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Examine your property tax record at the local assessor's office. Look for errors in the property description, such as incorrect age, square footage, improvement history and number of rooms. While you're there, check the valuation of comparable homes in your area, especially homes sold recently.
Consider factors that affect the value of your home. Did you engage in a bidding war that inflated the sale price above the real value? Are there drainage problems on your lot or in your area? Is your home in a designated flood plain? Are you closer to a commercial area or other negative feature than most homes with comparable value? Do the math if you've owned your home for a few years. Many states put a cap on how much the property assessment can rise each year. Make sure your home has not exceeded that annual limit.
Enlist the help of a local real estate professional. To make an appeal based on reduced selling prices in your area, you'll need several examples of comparable homes which have sold or are in escrow at prices lower than your assessment. You may pay a small fee for this help, but it may be worth it to save hundreds or even thousands of dollars
a year in tax. It may also be useful to get a new independent appraisal if prices have dropped substantially in your area. Be sure to point out any problems you're aware of to the appraiser.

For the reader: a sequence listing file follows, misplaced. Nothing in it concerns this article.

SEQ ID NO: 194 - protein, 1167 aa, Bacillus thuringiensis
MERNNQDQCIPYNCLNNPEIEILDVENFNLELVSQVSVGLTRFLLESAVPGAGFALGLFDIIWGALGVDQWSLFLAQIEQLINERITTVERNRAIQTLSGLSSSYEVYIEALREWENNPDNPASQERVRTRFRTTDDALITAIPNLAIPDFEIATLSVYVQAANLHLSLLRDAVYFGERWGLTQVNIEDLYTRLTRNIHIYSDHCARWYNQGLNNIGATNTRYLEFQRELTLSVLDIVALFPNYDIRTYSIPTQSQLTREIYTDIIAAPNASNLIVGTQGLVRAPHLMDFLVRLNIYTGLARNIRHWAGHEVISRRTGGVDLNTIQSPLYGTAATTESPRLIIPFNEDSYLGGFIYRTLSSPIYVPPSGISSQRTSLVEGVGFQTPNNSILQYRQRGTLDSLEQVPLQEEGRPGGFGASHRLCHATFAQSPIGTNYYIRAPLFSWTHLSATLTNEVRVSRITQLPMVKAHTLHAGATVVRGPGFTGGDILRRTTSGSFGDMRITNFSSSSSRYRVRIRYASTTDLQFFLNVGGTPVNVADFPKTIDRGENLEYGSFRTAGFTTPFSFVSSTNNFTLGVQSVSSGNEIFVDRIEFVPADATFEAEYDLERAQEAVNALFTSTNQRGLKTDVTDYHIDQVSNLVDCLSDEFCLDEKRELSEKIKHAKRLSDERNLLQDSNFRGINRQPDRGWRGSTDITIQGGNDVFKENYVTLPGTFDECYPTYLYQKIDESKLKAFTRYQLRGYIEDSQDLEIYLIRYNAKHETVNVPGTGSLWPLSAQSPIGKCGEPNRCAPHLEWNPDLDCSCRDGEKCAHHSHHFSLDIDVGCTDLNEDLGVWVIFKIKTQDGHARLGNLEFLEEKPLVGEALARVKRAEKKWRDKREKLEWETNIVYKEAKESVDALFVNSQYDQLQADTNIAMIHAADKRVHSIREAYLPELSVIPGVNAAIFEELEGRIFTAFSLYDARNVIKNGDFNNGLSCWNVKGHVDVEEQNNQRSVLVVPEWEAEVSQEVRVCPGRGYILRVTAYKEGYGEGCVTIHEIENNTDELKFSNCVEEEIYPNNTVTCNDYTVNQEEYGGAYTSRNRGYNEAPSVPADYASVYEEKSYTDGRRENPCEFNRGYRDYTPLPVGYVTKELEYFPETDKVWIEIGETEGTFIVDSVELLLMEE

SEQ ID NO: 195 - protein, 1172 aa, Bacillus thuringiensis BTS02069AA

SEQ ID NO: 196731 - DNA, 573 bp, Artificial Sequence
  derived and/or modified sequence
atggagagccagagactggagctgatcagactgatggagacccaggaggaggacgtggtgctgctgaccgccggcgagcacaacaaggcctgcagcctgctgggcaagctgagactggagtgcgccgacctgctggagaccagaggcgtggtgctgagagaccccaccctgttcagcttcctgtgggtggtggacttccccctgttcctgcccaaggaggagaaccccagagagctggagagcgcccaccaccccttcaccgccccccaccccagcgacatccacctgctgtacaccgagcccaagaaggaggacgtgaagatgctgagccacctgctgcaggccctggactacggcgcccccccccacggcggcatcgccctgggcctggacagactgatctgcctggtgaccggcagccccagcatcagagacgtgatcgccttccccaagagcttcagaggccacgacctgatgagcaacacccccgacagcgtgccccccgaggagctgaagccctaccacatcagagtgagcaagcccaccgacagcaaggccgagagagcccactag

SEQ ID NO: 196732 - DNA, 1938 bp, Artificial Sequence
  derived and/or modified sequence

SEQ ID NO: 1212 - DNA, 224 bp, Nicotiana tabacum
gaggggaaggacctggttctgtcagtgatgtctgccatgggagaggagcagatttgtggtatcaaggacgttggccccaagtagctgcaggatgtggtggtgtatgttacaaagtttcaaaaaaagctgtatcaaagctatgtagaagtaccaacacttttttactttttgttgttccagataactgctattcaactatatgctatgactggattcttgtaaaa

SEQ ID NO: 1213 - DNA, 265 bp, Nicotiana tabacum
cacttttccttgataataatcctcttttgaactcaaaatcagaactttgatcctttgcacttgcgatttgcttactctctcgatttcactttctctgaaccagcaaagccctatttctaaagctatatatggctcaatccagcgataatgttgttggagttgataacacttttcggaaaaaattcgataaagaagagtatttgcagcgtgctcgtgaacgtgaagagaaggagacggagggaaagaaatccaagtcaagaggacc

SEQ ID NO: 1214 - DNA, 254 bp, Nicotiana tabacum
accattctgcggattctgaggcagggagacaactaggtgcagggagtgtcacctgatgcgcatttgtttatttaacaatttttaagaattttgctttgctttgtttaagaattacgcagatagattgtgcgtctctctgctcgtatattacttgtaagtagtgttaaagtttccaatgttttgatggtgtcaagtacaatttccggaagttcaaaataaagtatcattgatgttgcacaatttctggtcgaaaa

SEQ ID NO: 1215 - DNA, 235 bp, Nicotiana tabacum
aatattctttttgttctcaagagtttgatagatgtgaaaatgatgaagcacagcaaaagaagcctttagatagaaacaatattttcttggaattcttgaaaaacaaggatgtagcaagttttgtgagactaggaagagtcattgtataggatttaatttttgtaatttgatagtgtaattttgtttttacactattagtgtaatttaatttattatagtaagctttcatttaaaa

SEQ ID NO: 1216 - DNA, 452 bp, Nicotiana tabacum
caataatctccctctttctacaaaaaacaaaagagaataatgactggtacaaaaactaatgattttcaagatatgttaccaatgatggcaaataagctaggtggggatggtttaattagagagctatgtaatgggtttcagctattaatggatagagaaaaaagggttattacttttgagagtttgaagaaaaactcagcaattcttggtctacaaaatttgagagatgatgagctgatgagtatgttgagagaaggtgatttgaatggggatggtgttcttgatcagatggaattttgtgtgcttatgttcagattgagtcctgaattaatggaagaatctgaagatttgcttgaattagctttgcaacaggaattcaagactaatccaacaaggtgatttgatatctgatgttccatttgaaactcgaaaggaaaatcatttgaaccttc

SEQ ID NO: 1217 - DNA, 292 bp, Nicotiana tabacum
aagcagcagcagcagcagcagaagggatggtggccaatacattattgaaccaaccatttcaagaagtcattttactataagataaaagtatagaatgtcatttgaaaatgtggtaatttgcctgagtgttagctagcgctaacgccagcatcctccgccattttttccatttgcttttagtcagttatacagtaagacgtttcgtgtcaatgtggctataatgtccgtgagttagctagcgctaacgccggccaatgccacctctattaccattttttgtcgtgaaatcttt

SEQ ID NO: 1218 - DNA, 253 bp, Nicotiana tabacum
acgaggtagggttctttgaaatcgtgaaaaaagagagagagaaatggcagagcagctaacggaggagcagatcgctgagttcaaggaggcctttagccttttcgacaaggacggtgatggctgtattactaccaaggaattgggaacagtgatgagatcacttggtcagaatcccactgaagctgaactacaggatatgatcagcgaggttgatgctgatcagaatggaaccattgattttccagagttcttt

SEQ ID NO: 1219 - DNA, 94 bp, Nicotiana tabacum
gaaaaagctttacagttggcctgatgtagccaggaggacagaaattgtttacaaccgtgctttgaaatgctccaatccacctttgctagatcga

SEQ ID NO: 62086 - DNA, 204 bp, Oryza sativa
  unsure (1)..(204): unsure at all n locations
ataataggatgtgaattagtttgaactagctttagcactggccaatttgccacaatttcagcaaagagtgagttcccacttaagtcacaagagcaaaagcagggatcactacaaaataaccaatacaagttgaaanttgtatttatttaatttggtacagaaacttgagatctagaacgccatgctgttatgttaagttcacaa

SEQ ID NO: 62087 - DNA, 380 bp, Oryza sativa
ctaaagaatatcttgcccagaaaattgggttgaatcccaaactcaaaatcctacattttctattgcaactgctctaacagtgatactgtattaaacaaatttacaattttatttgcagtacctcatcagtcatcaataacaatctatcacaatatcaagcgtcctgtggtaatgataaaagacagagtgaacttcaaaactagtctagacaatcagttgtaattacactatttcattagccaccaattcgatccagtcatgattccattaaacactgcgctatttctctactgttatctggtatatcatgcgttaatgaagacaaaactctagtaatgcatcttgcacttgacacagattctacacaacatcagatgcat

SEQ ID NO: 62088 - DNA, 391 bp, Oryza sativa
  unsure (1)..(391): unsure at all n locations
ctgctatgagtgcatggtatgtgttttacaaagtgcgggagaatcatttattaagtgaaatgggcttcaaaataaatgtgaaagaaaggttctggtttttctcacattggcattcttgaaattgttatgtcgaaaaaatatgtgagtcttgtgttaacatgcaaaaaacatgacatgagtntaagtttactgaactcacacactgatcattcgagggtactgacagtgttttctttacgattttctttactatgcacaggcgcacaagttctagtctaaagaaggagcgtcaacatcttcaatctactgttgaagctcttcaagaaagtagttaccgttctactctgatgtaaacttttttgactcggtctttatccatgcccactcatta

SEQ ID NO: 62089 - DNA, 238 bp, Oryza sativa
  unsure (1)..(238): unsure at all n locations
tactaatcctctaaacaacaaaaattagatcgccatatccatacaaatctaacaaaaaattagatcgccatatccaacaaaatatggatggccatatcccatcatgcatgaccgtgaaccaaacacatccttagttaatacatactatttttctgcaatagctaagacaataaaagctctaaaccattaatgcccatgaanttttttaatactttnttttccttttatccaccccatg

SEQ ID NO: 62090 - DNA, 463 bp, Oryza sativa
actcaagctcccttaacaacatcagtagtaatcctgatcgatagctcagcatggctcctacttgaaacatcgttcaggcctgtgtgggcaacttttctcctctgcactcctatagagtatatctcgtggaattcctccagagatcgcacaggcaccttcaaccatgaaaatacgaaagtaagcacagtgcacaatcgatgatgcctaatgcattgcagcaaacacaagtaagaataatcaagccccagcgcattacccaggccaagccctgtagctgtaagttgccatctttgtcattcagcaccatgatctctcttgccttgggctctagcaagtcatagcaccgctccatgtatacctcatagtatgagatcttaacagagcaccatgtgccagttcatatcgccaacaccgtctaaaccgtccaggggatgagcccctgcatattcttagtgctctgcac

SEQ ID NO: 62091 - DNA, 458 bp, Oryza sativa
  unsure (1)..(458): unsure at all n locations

Try to arrange for an informal meeting with the assessor before filing an appeal. While she may not have the authority to lower your assessment on the spot, you can get a good indication if your case has merit. Even if she disagrees, you can get an indication of what points you need to strengthen when arguing your case. When you file the appeal, be sure to have all your evidence in a clear, easy to follow format and get pictures and other visuals to help illustrate your position. Be sure you know the deadlines for appeal. It's often as short as 60 days after you receive your annual property tax bill.
Take your appeal to the next level if you lose the initial hearing. Your next step is probably a state board. Often, when it's clear you won't give up easily, you'll get a compromise offer to settle the case before it goes as far as a lawsuit. At this point you may need to hire an attorney on a contingency fee basis to help you win.